15 May 2019

The resilient employee – workshop 1 notes (15 May 2019)

Defining resilience

  • It’s a flexible concept that means different things to organisations. It can have unintended connotations with “invincibility” or “never failing” which can be problematic and off-putting for employees

  • The important point is for each organisation to define what resilience means for them, creating a clear statement that resonates with the organisation’s culture

  • This statement / definition should be produced with staff and not set by management

  • Measuring a resilient organisation is also tricky. It is subjective and the measures may not tell you what you need to know. People may not be truthful about the reasons they are absent due to a perceived stigma of declaring a mental health related issue

  • Policy is one thing, but the culture of an organisation is important, as are the values and behaviours demonstrated by leaders


  • Having good leadership is crucial to help people stay resilient

  • This is about leaders understanding the needs of the team and showing empathy

  • Talking is important. We heard examples of where some organisations have used staff surveys, quarterly business briefing meetings, focus groups and team meetings to listen to what staff have to say and how they feel. The benefits can be great and the upfront investment can pay off in terms of improving morale and reducing sickness/turnover. “Prevention is always better than the cure”

  • However, there is a balance between being an empathetic manager who creates the environment for employee wellbeing and knowing the boundaries – no-one can be made to seek support, only encouraged to do so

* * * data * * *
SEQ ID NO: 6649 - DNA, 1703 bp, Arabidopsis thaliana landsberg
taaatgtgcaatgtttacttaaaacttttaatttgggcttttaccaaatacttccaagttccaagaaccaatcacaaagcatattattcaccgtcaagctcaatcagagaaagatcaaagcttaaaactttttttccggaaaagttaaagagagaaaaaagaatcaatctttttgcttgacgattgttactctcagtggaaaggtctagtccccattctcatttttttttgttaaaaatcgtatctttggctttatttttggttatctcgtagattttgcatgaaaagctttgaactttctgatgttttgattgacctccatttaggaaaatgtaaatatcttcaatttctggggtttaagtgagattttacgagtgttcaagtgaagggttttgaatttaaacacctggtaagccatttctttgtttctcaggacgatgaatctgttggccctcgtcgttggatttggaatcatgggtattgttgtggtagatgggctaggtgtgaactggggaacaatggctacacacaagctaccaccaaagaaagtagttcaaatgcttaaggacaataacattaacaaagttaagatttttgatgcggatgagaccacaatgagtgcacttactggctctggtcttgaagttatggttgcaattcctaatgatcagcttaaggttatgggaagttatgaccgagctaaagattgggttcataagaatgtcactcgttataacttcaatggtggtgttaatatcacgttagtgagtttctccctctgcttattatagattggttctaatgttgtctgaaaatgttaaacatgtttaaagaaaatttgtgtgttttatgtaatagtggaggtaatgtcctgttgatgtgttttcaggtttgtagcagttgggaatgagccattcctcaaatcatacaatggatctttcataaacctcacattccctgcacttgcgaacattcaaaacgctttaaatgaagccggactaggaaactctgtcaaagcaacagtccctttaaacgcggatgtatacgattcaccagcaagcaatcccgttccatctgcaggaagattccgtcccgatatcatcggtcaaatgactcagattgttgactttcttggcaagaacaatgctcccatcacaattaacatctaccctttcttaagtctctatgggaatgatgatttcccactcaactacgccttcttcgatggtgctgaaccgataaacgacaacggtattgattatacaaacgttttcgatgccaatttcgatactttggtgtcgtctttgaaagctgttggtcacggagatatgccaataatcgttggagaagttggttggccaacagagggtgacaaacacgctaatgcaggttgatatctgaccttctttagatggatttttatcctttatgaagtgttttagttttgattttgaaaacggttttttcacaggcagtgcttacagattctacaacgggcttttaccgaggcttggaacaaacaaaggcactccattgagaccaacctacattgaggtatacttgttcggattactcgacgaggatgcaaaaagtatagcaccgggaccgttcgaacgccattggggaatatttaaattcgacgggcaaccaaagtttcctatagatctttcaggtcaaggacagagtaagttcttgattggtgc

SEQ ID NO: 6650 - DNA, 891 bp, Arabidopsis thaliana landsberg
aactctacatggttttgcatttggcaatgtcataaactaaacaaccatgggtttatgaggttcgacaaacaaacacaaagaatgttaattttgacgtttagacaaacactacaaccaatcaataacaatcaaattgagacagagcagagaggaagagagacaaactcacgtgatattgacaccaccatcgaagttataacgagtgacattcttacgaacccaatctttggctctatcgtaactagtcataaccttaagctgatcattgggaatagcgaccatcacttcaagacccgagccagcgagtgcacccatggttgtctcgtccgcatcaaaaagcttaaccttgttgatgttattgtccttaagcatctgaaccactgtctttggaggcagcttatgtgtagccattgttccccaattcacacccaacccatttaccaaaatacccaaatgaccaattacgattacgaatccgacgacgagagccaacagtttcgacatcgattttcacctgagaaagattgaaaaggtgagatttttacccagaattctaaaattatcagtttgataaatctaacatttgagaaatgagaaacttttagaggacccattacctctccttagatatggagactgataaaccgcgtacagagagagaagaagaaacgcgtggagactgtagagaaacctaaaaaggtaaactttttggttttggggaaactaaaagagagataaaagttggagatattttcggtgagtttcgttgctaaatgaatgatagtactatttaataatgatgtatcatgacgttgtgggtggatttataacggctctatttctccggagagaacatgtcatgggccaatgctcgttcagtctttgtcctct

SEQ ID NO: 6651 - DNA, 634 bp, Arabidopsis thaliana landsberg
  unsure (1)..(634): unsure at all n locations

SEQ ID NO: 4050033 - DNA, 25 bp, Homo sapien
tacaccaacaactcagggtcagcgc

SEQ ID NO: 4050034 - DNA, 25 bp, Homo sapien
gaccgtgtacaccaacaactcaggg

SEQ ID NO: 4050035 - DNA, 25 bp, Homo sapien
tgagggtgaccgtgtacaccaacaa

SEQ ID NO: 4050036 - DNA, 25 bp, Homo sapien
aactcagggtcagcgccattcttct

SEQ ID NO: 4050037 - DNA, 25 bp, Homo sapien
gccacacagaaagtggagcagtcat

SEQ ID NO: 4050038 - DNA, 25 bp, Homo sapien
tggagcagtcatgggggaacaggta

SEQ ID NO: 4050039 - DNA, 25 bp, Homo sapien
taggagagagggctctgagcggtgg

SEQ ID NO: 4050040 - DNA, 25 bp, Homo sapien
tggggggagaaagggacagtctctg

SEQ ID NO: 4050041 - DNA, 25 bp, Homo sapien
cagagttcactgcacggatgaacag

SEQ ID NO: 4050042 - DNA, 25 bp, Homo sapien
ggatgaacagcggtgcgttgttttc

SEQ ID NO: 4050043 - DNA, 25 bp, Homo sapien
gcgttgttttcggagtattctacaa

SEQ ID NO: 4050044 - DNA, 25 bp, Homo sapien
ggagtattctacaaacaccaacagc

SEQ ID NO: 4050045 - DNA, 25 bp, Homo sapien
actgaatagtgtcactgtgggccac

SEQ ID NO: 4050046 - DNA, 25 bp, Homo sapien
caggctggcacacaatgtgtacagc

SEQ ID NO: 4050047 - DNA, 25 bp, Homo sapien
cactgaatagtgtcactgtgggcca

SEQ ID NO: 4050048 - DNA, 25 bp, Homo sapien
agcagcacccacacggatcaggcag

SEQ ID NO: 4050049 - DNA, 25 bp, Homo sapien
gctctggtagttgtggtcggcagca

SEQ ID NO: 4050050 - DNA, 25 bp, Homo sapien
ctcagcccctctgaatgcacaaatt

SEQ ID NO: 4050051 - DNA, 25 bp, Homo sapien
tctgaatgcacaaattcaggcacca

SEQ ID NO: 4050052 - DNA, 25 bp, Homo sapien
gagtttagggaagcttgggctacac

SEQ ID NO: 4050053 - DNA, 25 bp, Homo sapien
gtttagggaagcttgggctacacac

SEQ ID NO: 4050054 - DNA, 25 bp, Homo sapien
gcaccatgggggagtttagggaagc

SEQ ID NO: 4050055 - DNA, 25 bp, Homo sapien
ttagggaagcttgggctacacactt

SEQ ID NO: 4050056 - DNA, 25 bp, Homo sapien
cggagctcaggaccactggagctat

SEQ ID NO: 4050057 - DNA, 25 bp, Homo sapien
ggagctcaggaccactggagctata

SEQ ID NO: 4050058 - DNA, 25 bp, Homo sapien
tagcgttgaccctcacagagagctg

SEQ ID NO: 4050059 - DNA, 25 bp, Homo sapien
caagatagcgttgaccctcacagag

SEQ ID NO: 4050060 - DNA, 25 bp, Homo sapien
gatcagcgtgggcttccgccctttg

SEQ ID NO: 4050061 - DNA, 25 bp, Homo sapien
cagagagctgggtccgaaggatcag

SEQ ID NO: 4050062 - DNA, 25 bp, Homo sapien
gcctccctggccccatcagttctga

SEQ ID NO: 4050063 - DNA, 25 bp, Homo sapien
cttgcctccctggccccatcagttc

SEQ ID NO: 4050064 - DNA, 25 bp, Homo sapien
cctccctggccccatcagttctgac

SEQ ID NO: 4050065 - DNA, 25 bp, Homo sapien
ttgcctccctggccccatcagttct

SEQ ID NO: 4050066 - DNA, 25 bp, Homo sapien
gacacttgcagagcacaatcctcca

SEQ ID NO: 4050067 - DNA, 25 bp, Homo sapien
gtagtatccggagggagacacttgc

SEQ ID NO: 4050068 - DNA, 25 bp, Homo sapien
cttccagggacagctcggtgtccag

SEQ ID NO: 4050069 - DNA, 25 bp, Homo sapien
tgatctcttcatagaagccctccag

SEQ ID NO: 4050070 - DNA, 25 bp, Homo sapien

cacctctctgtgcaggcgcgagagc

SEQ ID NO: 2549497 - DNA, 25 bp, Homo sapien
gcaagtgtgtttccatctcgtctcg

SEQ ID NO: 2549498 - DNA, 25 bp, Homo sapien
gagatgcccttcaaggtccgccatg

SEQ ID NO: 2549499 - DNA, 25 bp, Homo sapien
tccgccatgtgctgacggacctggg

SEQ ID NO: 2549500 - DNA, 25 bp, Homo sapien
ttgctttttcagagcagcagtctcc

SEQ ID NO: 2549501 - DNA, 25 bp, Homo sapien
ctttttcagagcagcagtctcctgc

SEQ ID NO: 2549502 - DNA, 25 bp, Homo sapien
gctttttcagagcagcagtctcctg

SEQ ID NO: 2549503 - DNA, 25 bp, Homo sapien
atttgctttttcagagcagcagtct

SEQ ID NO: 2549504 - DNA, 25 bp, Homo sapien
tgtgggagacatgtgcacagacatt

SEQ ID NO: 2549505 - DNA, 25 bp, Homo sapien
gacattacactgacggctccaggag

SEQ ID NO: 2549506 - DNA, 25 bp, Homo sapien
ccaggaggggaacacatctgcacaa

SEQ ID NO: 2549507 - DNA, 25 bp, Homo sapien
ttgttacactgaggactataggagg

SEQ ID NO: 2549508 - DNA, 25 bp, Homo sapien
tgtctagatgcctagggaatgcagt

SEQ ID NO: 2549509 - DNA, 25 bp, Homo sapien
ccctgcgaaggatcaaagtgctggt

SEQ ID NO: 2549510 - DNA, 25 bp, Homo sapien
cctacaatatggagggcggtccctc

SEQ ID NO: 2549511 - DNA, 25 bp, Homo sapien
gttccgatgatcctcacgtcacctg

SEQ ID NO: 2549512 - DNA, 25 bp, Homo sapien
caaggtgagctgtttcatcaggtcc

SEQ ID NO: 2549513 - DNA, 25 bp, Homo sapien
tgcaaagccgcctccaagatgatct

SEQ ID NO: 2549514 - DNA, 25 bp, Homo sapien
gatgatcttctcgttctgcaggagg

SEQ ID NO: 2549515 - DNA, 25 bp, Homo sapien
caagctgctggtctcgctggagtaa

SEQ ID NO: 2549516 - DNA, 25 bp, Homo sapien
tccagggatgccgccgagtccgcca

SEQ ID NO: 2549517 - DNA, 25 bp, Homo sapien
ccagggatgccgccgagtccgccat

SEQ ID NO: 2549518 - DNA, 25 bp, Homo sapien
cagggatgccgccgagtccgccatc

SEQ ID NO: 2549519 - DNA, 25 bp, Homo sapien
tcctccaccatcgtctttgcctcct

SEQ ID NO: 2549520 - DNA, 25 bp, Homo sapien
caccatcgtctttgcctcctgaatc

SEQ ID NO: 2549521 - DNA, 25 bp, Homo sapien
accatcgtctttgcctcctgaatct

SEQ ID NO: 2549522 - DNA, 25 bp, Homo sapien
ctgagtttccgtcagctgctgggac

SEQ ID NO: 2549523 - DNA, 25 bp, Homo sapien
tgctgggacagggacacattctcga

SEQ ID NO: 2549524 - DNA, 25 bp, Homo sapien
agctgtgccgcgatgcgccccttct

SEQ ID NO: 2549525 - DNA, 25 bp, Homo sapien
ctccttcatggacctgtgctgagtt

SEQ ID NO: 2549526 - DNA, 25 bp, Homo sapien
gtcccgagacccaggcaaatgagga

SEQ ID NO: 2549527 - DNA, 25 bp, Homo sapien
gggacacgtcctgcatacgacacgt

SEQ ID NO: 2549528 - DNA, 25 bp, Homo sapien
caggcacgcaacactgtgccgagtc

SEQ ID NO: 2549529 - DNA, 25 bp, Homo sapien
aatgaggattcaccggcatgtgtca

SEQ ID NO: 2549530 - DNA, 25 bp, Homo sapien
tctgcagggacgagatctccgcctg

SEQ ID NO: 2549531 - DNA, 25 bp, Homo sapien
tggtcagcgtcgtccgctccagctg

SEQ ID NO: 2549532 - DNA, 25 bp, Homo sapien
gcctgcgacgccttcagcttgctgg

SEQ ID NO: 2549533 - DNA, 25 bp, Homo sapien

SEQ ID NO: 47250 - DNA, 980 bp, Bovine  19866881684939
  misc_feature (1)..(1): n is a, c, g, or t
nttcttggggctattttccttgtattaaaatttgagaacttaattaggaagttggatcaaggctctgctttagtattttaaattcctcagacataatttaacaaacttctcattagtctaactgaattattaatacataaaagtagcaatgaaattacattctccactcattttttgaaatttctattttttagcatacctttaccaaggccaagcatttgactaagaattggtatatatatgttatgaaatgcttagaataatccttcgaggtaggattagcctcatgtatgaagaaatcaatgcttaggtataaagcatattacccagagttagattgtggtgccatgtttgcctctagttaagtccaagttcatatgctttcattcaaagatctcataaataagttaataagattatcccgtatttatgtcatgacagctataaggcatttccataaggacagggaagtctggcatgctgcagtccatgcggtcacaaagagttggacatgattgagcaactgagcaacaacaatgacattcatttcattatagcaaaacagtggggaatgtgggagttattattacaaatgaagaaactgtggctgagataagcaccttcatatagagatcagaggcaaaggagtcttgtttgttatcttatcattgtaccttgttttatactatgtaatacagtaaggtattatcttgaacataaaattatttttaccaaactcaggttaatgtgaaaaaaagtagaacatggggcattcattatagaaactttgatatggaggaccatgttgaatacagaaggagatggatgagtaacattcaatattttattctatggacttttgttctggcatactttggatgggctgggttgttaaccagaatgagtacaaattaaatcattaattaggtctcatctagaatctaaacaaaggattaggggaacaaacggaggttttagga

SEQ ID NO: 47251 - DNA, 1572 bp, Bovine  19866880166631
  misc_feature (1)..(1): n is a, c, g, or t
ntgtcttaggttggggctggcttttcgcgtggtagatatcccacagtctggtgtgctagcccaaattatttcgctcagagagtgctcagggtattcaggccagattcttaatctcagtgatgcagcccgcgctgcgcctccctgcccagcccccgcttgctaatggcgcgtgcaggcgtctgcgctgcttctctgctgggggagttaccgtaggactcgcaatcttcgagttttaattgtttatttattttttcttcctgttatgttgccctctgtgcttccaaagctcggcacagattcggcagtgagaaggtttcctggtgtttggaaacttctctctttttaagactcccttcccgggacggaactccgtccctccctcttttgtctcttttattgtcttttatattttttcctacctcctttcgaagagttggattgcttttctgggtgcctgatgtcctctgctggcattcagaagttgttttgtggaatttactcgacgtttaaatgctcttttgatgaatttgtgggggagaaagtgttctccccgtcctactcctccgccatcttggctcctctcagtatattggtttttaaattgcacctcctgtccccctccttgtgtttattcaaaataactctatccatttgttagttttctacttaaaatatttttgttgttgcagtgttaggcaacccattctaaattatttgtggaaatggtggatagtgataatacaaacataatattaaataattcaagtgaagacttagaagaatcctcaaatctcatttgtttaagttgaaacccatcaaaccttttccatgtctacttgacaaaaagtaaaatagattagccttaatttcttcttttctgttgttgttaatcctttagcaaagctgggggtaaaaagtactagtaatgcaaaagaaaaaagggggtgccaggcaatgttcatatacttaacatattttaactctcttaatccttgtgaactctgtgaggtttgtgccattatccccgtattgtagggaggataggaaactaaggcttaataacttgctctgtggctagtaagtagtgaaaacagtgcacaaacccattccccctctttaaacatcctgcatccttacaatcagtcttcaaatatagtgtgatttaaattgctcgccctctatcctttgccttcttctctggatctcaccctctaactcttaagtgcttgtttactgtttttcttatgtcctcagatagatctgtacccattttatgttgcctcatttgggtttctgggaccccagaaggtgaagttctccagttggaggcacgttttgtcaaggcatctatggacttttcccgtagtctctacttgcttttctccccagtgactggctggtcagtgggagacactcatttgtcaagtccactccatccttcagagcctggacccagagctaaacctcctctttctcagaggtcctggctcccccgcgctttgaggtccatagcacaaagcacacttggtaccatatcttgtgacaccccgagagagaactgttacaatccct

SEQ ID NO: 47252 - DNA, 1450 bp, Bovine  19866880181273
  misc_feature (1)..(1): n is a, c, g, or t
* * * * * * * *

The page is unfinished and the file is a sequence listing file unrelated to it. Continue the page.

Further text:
• Never underestimate how difficult it is to influence and change an organisation’s culture. However, bear in mind that employers (generally) share the intention to look after the wellbeing of their employees, so start from this position

  • One example highlighted an organisation’s high sickness level and churn. To address this, they used staff surveys and wider staff engagement over two years. Both churn and sickness improved after setting up a quarterly review with staff, incorporating questions about mental health. Business updates are provided each quarter inviting comment and questions from teams. The organisation has also introduced mental health first aiders, trained to support staff wellbeing, plus employee advice services. The level of engagement has subsequently improved ten-fold.

  • Social connection is important in the workplace, so fostering opportunities in and outside of the work environment for staff to work better together is important. Two models were mentioned in this context: Suffolk Mind’s “Needs Met”, which considers why an individual’s need(s) is unmet and how this impacts on their mental wellbeing and the five ways to wellbeing. See https://www.suffolkmind.org.uk/services/suffolks-needs-met/ and https://www.healthysuffolk.org.uk/projects/5-ways-to-wellbeing

  • We also talked about the stretch vs stress concept (see accompanying slides)

  • It’s important to remember that no two individuals deal with workplace stressors in the same way – important to realise we may have developed different coping mechanisms

The product

  • Paul outlined the purpose of the workshops leading to the development of useful, practical resources for businesses to support resilience in the workplace. This product (which may or may not be called a ‘toolkit’) will be based on the tiers of organisation by size (see below) and will likely comprise a combination of practical case studies about what works well, signposting services and support and providing structured suggestions about how to create a culture of resilience, leadership and effective communication


  • Crucially, small, medium and large employers need a different approach, including policies, which reflect the size and function of their organisation

  • Growing businesses need to know how to engage with staff. Many Suffolk organisations are upscaling and how staff are supported during periods of considerable structural and organisational change would be a helpful focus of a future workshop

  • Rather than creating something entirely new, it’s important to signpost existing support and services. What is out there and what already works well?

Useful resources/links relating to workshop 1

Business views on how they hope the workshops will help them: